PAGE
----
Epigenetic changes in gene expression for drug-metabolizing enzymes and transporters

Pharmacotherapy. 2014 Feb;34(2):140-50. doi: 10.1002/phar.1362. Epub 2013 Oct 24.


Individual differences in drug response can be caused by genetic and epigenetic variability and disease determinants. Pharmacoepigenetics is a new field that studies the expression changes in pharmacogenes without changes in DNA sequences. Epigenetic control mechanisms are associated with DNA methylation, histone modification, small noncoding RNAs, and nucleosome remodeling. Researchers are actively attempting to identify epigenetic mechanisms for controlling the expression of enzymes and transporters affecting the metabolism and disposition of drugs. Current evidence suggests that epigenetic changes play a major role in cytochrome P450 enzyme expression, major transporter function, and in interactions with nuclear receptors. A thorough understanding of pharmacoepigenetics provides insight into new approaches to drug discovery and development, provides an understanding of previously observed actions of older drugs, and provides a pathway by which epigenetics can be harnessed to provide better patient-specific therapy.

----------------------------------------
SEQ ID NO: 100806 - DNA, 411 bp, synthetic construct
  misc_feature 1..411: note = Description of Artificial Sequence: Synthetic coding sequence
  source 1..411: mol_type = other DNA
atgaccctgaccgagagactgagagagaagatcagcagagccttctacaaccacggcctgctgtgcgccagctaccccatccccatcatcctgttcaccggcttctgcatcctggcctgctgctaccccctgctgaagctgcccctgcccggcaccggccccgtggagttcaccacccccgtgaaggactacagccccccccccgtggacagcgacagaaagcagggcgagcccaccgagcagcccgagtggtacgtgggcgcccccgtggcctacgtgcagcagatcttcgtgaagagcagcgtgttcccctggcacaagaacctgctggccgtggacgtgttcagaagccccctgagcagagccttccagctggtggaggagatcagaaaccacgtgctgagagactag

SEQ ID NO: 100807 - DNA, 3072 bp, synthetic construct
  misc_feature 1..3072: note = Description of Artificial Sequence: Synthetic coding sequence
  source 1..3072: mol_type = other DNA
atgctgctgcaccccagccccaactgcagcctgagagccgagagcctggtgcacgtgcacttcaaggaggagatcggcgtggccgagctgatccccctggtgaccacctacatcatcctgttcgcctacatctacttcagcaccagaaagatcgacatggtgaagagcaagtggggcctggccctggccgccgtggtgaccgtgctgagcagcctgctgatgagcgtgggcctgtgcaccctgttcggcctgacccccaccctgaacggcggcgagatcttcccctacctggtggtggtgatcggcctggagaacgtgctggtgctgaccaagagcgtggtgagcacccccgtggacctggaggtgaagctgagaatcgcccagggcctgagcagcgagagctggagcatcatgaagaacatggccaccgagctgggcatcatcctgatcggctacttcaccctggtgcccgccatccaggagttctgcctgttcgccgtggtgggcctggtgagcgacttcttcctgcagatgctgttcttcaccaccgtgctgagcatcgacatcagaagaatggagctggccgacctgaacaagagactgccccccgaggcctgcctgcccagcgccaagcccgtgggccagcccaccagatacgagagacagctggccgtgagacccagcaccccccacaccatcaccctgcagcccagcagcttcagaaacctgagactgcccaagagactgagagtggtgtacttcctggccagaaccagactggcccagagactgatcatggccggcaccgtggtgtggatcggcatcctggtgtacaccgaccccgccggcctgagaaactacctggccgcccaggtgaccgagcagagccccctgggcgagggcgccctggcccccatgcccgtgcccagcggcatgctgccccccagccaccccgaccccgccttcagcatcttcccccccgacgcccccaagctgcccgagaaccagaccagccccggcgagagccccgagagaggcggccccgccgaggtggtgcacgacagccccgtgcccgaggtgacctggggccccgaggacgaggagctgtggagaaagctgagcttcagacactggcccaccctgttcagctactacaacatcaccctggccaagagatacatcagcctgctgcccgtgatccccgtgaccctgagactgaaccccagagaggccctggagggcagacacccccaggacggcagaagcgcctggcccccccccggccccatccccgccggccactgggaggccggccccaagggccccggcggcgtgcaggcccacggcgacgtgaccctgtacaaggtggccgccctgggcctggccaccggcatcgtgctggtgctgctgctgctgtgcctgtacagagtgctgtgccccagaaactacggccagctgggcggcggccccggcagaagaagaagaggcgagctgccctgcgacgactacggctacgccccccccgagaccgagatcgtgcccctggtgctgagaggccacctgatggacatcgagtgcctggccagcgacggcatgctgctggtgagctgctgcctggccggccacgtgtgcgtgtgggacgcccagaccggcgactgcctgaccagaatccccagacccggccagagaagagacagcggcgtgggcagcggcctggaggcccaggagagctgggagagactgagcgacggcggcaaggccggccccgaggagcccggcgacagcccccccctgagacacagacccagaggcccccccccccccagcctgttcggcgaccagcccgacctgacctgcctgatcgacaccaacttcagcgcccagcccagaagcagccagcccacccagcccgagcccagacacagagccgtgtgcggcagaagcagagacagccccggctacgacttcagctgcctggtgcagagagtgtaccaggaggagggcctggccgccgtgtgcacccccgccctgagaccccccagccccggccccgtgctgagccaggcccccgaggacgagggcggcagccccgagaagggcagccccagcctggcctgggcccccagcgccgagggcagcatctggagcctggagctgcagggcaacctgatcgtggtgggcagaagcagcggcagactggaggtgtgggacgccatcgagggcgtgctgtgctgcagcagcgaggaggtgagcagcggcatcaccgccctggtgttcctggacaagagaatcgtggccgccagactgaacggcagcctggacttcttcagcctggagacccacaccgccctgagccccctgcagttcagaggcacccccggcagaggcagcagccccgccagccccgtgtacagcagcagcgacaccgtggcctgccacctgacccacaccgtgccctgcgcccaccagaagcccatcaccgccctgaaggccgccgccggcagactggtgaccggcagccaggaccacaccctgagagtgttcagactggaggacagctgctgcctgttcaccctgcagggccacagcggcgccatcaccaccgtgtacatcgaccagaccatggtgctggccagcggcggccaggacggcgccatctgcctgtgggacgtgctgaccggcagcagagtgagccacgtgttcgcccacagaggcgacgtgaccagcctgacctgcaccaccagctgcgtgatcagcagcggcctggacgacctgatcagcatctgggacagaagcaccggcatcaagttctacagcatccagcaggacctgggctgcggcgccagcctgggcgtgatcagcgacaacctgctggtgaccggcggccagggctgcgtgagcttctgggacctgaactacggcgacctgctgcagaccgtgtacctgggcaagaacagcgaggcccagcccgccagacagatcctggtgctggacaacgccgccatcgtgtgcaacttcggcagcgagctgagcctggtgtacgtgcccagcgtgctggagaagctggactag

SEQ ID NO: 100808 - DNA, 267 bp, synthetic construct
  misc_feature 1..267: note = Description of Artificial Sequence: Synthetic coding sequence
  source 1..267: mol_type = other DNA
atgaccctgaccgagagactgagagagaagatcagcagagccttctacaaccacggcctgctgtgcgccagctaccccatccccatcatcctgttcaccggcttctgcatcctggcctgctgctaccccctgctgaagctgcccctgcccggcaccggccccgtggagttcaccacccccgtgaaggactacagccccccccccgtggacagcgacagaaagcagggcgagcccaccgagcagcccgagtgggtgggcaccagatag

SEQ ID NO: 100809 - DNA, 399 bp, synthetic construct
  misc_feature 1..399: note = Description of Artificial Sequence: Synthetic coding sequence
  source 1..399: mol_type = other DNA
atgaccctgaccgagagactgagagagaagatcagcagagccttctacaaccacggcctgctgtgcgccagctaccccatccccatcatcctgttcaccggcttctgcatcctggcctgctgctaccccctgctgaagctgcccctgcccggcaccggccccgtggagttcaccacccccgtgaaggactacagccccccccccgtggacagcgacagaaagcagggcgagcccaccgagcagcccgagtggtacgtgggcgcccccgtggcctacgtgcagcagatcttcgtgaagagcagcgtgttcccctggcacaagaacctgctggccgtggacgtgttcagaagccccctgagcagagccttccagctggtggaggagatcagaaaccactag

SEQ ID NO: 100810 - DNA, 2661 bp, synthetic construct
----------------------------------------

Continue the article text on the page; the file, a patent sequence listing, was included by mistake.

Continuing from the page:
Keywords: DNA methylation; drug metabolism; histone modification; personalized medicine; pharmacoepigenetics.

Publication types

  • Research Support, Non-U.S. Gov't

MeSH terms

  • Animals
  • Biological Transport / genetics
  • Cytochrome P-450 Enzyme System / genetics
  • DNA Methylation / genetics
  • Drug Design
  • Epigenesis, Genetic*
  • Gene Expression Regulation
  • Histones / genetics
  • Humans
  • Pharmaceutical Preparations / metabolism*
  • Pharmacogenetics*
  • Precision Medicine / methods


  • Histones
  • Pharmaceutical Preparations
  • Cytochrome P-450 Enzyme System